A decent budget tablet under Rs 20,000 | Tech Reddy
The tablet market is largely dominated by Apple iPads, but Android tablets are slowly catching up and we see notable releases every year. If we look at high-end Android tablets, Samsung remains the leader, but brands like Realme, Nokia and Motorola are struggling to win the sub-Rs 20,000 segment. Late last year, we saw the launch of the Nokia T20 tablet with a 10.4-inch screen in India. It starts at Rs 15,499 (Wi-Fi only edition), almost on par with rivals from Realme and Motorola.
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We received a model with Wi-Fi and 4G support paired with 4GB of RAM and 64GB of storage for our review. This variant is priced at Rs 18,499, which is more expensive than the Realme Pad (Rs 17,999) and the Moto Tab G20 at Rs 10,999 – the latter has 3GB RAM + 32GB storage and supports Wi-Fi only. Flipkart also has the Samsung Galaxy Tab A7 priced at Rs 18,999; however, it only gets 3GB of RAM and 32GB of storage (for the Wi-Fi + 4G edition).
Design: At first glance, the Nokia T20 looks effortlessly premium, and the large screen is a real eye-catcher. As for the appearance, the design of the tablet does not disappoint despite the presence of large bezels on all sides of the screen, but this is mainly to prevent accidental touches. Unfortunately, we only get one Blue color, which the company calls Deep Ocean. It certainly looks good on the large back panel, but I wish the company would have included more color options.
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But that doesn’t mean Nokia didn’t put too much thought into the plain blue color, as the back panel has a subtle finish to keep it looking classy. This comes in the form of a slightly darker finish near the left edge which elevates the overall design. Additionally, the small pill-shaped rear module on the top left doesn’t distract from the single rear camera, which is still a smart design decision. The power button on the Nokia T20 tablet is located at the top and there is no fingerprint scanner.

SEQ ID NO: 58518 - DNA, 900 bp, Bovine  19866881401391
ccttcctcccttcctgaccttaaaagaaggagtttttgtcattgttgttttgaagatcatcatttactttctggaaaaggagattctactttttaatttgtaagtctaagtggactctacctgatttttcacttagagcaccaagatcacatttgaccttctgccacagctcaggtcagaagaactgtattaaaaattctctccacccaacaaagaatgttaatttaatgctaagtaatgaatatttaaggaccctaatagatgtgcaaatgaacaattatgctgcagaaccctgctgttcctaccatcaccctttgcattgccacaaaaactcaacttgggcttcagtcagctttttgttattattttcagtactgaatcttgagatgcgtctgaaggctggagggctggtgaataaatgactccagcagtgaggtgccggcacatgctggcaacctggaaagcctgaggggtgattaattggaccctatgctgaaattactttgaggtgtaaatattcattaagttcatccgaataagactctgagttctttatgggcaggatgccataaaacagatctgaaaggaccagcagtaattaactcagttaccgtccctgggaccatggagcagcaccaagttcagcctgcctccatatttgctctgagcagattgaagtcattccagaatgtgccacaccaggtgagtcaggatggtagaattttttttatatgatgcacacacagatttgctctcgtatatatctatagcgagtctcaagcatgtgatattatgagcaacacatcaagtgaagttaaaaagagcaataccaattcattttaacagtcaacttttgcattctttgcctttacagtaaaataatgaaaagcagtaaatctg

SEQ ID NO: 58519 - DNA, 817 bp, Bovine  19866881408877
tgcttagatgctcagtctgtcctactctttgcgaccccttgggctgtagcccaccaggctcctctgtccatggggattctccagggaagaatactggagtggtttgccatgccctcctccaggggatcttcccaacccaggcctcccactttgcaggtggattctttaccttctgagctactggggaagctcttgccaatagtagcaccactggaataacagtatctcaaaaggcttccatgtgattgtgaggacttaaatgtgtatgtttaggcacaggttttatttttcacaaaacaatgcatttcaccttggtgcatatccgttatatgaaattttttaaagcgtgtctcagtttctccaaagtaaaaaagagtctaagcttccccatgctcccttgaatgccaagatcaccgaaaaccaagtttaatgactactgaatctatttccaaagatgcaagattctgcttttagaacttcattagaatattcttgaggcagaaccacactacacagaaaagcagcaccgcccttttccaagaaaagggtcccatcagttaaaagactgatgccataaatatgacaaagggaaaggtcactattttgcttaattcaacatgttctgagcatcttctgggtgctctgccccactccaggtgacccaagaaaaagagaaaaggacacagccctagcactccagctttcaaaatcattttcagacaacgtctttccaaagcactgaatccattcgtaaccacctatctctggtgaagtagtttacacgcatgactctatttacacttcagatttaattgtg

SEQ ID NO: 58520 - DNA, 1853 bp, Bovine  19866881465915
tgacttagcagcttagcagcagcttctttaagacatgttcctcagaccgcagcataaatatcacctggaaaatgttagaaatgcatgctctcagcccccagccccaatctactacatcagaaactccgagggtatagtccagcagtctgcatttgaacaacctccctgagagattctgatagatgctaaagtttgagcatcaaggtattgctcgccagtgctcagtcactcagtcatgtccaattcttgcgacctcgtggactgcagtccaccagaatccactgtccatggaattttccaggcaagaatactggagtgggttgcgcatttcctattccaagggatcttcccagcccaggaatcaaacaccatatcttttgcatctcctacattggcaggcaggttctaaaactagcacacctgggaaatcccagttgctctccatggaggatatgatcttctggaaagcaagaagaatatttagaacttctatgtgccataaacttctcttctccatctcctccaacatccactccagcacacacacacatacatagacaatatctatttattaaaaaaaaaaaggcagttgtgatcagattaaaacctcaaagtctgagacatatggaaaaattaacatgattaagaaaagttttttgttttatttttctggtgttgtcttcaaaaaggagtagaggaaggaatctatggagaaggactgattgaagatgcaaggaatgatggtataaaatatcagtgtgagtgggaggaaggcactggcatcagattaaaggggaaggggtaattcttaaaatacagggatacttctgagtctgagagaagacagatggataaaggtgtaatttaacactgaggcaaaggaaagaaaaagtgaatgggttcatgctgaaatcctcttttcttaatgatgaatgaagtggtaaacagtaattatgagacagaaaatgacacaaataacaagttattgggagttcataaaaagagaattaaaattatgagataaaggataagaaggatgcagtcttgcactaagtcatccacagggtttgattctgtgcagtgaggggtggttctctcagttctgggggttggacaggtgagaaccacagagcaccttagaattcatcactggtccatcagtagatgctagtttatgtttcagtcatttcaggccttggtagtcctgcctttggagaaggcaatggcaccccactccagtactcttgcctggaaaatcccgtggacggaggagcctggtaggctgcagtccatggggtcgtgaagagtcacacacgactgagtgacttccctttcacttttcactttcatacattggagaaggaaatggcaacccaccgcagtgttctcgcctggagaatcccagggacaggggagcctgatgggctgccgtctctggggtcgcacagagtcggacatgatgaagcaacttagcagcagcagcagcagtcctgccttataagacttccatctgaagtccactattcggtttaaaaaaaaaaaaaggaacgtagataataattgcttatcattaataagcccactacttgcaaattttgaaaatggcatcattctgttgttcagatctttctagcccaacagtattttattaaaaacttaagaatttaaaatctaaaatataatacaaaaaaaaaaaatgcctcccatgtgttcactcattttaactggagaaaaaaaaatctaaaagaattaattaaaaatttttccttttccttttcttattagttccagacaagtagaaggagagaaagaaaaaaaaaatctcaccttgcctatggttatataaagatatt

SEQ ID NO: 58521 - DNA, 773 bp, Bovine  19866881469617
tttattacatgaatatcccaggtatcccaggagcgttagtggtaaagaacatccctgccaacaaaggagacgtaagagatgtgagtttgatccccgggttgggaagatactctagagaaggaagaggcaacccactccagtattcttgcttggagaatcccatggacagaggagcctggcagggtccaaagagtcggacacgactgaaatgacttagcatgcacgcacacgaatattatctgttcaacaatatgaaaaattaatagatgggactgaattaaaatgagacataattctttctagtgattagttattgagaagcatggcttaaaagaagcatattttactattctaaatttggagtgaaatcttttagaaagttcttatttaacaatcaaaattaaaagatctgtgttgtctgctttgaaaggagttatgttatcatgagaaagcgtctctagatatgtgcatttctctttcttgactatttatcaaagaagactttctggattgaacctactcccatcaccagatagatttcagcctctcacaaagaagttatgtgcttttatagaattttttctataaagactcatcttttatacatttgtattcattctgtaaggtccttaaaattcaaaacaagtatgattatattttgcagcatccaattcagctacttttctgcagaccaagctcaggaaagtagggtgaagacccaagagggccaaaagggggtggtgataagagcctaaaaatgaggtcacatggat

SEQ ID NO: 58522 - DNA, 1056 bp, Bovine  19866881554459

The back of the Nokia T20 is made of metal, which doesn’t feel cheap at all. However, the matte finish still won’t repel fingerprint smudges, in case you’re wondering. We also get an IP52 rating for dust and water resistance and a 3.5mm audio jack, which might not be easy to find. I prefer this placement (bottom left edge) to the large form factor because it helps keep the cluttered design. Overall, a very thoughtful design, especially at this price.
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Display: If design is the champion of the Nokia T20 tablet, the display is one aspect that falls short of promises. We got a 10.4-inch screen with tough glass protection, 2K (1200×2000 pixels) resolution and 400 nits peak brightness, which on paper isn’t bad at all for this price range. However, the Nokia T20 only gets Widevine L3 DRM security, which does not allow the tablet to play video content above 480p resolution (in most cases) on popular OTT platforms like Netflix, Disney Plus Hotstar and Prime Video.
Since other apps don’t need a Widevine DRM license, the overall viewing experience isn’t bad. In addition, the dual speakers provide loud and decent audio quality. However, the Nokia T20 is primarily aimed at users who want an enhanced portable (and personal) viewing experience. In this regard, there are options in the market like the Realme Pad tablet, which gets Widevine L3 clearance for Full-HD streaming quality. But you can still use the app to read, take notes and control your smart devices – all for Rs 15,499.